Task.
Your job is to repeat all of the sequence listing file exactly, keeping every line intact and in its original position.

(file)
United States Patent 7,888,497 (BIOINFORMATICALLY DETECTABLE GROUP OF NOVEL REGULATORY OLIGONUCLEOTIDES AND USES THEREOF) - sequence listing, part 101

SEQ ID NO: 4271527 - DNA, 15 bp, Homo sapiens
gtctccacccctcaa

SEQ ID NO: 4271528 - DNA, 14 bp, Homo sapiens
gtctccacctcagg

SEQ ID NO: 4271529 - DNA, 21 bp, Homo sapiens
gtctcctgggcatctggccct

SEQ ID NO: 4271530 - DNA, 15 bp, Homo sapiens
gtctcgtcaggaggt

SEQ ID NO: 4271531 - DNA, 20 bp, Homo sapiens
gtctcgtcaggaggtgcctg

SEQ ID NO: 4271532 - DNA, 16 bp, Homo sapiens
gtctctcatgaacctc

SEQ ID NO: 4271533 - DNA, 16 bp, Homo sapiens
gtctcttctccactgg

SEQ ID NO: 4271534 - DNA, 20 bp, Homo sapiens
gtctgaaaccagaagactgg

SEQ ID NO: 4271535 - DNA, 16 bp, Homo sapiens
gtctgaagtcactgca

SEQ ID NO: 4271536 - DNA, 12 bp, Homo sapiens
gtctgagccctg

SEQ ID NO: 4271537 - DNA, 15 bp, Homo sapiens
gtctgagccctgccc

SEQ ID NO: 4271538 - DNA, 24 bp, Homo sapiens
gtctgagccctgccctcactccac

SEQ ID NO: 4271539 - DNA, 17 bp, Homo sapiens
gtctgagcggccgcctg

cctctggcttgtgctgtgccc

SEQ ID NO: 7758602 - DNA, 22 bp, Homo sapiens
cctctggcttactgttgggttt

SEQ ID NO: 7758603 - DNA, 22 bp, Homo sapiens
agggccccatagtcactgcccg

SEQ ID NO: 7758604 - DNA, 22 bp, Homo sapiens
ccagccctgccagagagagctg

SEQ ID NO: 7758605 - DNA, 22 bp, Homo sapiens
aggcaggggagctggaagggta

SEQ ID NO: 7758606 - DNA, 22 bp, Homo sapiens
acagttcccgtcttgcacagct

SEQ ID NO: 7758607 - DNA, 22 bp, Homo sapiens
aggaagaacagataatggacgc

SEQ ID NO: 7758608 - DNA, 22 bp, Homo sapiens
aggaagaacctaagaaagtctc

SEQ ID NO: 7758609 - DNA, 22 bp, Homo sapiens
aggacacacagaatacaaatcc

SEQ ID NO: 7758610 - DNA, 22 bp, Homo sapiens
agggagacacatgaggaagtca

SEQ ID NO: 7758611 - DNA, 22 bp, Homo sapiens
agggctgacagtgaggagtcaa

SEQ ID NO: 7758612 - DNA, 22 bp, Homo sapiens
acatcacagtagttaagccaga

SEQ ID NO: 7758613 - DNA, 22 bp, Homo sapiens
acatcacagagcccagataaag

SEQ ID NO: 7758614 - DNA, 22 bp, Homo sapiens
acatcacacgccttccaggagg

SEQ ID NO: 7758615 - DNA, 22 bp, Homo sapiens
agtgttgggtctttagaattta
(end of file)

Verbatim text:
United States Patent 7,888,497 (BIOINFORMATICALLY DETECTABLE GROUP OF NOVEL REGULATORY OLIGONUCLEOTIDES AND USES THEREOF) - sequence listing, part 101

SEQ ID NO: 4271527 - DNA, 15 bp, Homo sapiens
gtctccacccctcaa

SEQ ID NO: 4271528 - DNA, 14 bp, Homo sapiens
gtctccacctcagg

SEQ ID NO: 4271529 - DNA, 21 bp, Homo sapiens
gtctcctgggcatctggccct

SEQ ID NO: 4271530 - DNA, 15 bp, Homo sapiens
gtctcgtcaggaggt

SEQ ID NO: 4271531 - DNA, 20 bp, Homo sapiens
gtctcgtcaggaggtgcctg

SEQ ID NO: 4271532 - DNA, 16 bp, Homo sapiens
gtctctcatgaacctc

SEQ ID NO: 4271533 - DNA, 16 bp, Homo sapiens
gtctcttctccactgg

SEQ ID NO: 4271534 - DNA, 20 bp, Homo sapiens
gtctgaaaccagaagactgg

SEQ ID NO: 4271535 - DNA, 16 bp, Homo sapiens
gtctgaagtcactgca

SEQ ID NO: 4271536 - DNA, 12 bp, Homo sapiens
gtctgagccctg

SEQ ID NO: 4271537 - DNA, 15 bp, Homo sapiens
gtctgagccctgccc

SEQ ID NO: 4271538 - DNA, 24 bp, Homo sapiens
gtctgagccctgccctcactccac

SEQ ID NO: 4271539 - DNA, 17 bp, Homo sapiens
gtctgagcggccgcctg

cctctggcttgtgctgtgccc

SEQ ID NO: 7758602 - DNA, 22 bp, Homo sapiens
cctctggcttactgttgggttt

SEQ ID NO: 7758603 - DNA, 22 bp, Homo sapiens
agggccccatagtcactgcccg

SEQ ID NO: 7758604 - DNA, 22 bp, Homo sapiens
ccagccctgccagagagagctg

SEQ ID NO: 7758605 - DNA, 22 bp, Homo sapiens
aggcaggggagctggaagggta

SEQ ID NO: 7758606 - DNA, 22 bp, Homo sapiens
acagttcccgtcttgcacagct

SEQ ID NO: 7758607 - DNA, 22 bp, Homo sapiens
aggaagaacagataatggacgc

SEQ ID NO: 7758608 - DNA, 22 bp, Homo sapiens
aggaagaacctaagaaagtctc

SEQ ID NO: 7758609 - DNA, 22 bp, Homo sapiens
aggacacacagaatacaaatcc

SEQ ID NO: 7758610 - DNA, 22 bp, Homo sapiens
agggagacacatgaggaagtca

SEQ ID NO: 7758611 - DNA, 22 bp, Homo sapiens
agggctgacagtgaggagtcaa

SEQ ID NO: 7758612 - DNA, 22 bp, Homo sapiens
acatcacagtagttaagccaga

SEQ ID NO: 7758613 - DNA, 22 bp, Homo sapiens
acatcacagagcccagataaag

SEQ ID NO: 7758614 - DNA, 22 bp, Homo sapiens
acatcacacgccttccaggagg

SEQ ID NO: 7758615 - DNA, 22 bp, Homo sapiens
agtgttgggtctttagaattta